• Richard Scrimger

injury guilt

I can not exercise.  Not do not wish to exercise.  That is normal, my usual state.  No, I can not exercise.  Even if I wanted to, I could not.  What happened, I fell down some stairs a couple of weeks ago, rather like the guy in the picture, suffered some bent bones, a teeny concussion, and of course caused my loved ones grief and worry.  Now my brain is back to a muted normal (my kids say I have traded up, mentally) and I can sit at a computer and tap away.  But I can not bend over.  Can not pull or push myself up.  Can not run ten miles - or one mile - or a block.

And so I live a sedentary life, hobbling from my desk to the coffee pot to the dining-room table, and will continue to do so for a few weeks while my ribs and shoulder heal up. It is as though I have found an extra couple hours in my day.   Time that I used to spend thinking about exercise (not doing any, you understand -- just thinking about it) is now wide open.  A gift from the God of I don't know, what do you want to do?  Last year, last month I would spend an hour thinking, I should go to the YMCA and then pour myself a cup of coffee and read a manuscript instead.  And feel bad.  Today there is no instead.  I can not go not go the YMCA.  So -- and this is my final thought for today on the subject, something for my therapist if I ever find one -- why do I still feel guilty about not exercising?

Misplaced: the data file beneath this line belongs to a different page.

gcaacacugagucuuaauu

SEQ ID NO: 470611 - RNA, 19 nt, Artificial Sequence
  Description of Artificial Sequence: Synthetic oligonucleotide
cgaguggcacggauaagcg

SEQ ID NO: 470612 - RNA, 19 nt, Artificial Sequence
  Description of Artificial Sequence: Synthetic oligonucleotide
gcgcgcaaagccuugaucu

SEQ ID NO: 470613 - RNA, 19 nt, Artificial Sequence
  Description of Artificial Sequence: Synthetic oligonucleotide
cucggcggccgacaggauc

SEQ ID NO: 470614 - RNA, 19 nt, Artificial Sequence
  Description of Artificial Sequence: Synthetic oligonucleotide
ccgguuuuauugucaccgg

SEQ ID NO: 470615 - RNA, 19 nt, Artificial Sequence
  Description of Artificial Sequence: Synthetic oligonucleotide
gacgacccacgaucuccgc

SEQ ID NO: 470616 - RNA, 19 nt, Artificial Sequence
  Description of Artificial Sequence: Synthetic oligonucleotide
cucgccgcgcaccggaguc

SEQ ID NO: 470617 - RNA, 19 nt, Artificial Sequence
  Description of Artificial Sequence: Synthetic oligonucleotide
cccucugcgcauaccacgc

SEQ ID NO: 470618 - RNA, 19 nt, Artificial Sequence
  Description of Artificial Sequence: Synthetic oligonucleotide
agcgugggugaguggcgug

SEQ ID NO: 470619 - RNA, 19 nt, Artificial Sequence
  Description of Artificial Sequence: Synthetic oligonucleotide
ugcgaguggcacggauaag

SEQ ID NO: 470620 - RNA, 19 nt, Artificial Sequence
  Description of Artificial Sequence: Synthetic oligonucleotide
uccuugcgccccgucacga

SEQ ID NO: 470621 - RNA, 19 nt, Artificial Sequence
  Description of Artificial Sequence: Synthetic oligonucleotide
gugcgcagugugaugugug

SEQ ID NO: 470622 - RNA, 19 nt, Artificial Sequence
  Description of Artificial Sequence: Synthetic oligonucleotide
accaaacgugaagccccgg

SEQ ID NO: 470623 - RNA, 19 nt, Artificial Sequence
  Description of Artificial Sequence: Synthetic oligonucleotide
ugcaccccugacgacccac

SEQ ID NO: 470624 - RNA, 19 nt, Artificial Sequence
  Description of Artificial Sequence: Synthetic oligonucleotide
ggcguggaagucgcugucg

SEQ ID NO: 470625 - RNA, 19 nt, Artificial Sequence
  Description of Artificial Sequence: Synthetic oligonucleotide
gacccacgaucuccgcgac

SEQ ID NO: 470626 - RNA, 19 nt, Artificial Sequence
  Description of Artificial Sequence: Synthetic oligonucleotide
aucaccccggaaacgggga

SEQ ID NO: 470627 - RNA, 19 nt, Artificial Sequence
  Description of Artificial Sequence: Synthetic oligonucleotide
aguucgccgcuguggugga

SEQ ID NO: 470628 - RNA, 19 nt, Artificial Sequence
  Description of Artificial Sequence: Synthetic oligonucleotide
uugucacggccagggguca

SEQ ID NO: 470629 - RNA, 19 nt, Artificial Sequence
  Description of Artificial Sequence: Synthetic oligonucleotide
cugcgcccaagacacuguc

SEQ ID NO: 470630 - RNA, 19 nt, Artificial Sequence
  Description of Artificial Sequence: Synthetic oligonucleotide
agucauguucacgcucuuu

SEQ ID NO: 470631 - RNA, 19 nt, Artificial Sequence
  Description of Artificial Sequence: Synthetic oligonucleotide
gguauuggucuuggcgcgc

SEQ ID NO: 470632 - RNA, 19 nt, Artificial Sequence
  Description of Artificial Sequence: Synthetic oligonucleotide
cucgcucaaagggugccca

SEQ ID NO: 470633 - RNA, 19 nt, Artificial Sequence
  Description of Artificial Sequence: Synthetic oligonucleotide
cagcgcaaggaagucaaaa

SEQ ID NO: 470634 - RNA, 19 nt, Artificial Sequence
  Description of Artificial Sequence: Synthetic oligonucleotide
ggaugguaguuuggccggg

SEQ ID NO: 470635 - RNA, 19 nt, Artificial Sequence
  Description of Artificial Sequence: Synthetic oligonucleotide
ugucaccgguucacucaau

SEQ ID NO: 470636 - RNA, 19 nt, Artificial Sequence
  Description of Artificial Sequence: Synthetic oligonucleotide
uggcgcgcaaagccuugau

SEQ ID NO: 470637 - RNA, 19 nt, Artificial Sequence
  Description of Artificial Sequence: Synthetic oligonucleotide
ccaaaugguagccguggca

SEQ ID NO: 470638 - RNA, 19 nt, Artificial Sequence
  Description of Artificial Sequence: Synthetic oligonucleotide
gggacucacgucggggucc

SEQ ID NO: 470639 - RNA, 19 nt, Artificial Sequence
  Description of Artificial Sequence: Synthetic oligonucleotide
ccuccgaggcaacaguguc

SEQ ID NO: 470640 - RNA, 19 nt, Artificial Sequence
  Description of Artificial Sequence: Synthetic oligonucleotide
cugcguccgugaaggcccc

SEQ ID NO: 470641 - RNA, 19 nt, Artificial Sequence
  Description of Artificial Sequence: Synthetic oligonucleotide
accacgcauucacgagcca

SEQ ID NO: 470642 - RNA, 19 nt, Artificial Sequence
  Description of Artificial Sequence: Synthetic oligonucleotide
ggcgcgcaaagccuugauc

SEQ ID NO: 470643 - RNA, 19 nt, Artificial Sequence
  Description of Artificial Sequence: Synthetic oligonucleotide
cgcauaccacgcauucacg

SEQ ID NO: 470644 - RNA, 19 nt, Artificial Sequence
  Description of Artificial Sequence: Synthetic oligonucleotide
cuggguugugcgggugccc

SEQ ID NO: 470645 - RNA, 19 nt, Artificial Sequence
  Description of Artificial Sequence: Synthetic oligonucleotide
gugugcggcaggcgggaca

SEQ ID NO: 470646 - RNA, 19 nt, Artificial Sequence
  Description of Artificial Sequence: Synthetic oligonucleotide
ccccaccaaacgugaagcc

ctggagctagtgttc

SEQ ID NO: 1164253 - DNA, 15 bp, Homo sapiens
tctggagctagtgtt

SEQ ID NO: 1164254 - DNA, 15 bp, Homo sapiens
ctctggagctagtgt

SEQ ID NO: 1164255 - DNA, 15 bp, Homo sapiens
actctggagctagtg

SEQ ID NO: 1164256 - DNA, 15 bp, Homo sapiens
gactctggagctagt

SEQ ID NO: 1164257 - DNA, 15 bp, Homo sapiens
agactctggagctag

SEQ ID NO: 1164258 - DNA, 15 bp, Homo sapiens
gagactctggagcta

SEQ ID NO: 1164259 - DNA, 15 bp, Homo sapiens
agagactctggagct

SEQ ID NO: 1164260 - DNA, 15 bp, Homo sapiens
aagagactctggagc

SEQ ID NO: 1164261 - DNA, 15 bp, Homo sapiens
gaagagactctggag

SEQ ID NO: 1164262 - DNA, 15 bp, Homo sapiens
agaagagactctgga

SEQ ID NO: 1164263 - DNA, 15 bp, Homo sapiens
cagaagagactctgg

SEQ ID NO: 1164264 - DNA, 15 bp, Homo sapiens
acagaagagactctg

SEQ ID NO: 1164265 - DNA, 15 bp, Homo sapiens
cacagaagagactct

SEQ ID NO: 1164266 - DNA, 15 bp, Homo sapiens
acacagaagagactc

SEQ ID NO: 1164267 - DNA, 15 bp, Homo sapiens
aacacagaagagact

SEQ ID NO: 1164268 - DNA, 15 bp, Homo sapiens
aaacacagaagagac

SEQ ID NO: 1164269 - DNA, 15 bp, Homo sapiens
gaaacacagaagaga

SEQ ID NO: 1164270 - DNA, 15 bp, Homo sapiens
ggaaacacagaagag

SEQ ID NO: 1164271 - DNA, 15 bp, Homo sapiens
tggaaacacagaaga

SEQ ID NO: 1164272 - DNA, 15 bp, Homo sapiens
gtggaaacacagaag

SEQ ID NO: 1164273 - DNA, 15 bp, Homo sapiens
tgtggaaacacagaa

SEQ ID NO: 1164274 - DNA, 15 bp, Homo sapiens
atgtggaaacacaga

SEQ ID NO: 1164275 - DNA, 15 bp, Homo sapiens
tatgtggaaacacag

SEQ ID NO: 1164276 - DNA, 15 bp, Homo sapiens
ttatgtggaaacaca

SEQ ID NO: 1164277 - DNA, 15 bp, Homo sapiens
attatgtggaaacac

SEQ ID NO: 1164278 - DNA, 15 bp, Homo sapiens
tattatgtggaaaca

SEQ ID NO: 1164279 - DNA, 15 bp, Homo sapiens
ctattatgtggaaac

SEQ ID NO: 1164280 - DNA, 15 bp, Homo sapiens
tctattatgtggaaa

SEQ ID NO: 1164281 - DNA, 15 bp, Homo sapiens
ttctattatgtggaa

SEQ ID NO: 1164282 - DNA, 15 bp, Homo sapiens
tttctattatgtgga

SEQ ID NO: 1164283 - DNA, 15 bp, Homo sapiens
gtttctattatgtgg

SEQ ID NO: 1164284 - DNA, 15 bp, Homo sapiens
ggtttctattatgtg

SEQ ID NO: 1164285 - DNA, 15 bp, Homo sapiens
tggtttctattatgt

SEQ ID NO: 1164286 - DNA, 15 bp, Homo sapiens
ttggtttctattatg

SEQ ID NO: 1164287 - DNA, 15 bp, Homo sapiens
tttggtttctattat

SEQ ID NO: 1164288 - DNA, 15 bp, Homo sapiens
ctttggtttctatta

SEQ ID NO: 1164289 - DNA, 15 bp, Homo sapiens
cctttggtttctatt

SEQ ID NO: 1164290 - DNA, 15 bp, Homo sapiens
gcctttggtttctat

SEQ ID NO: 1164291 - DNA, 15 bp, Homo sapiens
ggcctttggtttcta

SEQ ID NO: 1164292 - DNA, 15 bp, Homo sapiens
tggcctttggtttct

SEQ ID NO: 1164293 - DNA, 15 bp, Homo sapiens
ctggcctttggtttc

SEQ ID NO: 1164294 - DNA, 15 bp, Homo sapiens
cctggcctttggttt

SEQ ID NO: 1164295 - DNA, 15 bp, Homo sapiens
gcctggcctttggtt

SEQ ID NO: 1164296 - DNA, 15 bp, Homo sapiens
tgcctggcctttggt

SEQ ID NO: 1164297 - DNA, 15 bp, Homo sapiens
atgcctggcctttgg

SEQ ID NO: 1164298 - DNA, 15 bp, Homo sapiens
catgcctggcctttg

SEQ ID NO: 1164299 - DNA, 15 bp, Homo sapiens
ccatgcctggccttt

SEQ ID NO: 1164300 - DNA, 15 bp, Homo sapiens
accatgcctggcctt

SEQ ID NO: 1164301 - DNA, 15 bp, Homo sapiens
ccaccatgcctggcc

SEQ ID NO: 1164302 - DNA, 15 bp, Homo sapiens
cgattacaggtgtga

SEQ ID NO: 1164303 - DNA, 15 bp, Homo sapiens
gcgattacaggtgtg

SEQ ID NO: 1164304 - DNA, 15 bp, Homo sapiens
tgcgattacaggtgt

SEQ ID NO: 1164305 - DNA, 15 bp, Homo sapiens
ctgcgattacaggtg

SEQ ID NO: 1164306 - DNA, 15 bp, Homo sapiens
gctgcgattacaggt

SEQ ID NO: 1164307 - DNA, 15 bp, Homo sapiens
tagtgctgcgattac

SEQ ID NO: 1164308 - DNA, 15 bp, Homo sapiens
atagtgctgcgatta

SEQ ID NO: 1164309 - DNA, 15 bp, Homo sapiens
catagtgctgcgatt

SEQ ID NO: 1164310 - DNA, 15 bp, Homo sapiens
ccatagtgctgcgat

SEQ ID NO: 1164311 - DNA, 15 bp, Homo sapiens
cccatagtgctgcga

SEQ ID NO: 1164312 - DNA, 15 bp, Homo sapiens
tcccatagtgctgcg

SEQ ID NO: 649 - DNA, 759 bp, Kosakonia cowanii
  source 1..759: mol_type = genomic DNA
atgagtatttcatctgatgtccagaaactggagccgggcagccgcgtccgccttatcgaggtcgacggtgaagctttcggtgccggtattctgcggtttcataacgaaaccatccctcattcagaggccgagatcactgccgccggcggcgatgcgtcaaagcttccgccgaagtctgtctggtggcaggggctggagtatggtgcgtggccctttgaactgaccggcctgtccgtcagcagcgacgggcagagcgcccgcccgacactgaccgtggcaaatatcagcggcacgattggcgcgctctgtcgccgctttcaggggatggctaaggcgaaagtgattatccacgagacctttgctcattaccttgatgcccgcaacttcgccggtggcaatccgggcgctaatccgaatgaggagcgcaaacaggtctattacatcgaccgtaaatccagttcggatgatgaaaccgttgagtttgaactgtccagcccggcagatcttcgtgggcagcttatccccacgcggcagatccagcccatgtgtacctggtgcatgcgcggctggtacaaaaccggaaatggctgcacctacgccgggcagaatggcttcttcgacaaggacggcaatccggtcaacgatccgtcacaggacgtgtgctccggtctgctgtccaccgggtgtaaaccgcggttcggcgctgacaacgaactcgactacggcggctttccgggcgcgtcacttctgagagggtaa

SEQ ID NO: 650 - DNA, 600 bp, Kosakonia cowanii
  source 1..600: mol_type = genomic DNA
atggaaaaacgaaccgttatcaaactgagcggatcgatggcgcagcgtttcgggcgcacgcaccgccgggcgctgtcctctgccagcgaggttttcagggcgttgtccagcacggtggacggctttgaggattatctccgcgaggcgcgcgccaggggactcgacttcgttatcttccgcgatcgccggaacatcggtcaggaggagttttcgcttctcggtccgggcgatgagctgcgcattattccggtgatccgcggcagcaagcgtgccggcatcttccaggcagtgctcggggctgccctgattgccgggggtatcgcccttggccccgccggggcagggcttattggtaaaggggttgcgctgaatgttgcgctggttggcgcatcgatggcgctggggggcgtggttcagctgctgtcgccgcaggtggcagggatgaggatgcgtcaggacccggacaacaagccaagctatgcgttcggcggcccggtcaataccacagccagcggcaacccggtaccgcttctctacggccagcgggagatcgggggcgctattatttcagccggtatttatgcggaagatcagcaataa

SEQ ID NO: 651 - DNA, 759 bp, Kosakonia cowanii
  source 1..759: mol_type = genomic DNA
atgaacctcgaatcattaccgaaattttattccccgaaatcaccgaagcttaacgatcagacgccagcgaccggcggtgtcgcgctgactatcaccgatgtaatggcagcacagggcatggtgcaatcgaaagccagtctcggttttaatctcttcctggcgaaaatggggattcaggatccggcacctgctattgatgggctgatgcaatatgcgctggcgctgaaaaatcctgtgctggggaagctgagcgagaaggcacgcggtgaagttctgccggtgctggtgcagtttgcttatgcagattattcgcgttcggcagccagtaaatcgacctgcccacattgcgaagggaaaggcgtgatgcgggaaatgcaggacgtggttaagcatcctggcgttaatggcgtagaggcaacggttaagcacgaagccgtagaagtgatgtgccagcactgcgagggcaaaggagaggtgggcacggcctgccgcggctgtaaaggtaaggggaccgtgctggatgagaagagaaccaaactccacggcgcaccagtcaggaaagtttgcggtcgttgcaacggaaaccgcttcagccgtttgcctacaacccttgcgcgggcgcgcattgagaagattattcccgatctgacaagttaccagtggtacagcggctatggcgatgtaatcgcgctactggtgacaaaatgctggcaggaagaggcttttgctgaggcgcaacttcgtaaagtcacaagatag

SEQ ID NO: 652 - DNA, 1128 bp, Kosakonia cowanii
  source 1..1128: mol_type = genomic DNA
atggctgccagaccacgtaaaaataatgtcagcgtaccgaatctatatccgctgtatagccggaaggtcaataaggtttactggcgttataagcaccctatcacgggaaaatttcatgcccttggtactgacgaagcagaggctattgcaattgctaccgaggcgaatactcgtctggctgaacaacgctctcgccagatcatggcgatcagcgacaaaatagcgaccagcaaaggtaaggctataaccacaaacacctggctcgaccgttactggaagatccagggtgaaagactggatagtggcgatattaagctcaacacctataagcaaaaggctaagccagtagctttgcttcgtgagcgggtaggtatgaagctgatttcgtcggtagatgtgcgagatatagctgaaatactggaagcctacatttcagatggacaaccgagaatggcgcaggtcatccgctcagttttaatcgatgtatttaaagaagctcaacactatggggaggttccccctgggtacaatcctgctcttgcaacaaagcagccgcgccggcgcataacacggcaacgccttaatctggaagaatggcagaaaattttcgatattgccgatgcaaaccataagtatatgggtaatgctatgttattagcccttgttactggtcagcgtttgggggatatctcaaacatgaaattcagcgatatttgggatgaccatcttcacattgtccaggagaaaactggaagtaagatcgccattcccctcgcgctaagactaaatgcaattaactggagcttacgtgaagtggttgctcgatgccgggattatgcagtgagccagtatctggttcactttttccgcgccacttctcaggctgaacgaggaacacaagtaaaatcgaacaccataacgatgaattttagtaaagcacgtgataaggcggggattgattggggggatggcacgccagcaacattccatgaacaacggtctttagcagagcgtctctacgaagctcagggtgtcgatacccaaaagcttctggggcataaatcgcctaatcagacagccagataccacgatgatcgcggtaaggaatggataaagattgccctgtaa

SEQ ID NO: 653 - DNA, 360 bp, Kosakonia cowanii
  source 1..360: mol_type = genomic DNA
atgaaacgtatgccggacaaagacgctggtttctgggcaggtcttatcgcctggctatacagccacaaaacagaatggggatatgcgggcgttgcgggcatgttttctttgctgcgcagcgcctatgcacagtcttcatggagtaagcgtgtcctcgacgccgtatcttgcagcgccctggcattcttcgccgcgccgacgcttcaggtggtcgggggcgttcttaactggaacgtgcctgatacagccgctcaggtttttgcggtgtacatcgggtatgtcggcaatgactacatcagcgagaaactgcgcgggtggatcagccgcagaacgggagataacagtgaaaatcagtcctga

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Richard Scrimger | scrimgerr@gmail.com | Toronto, ON, Canada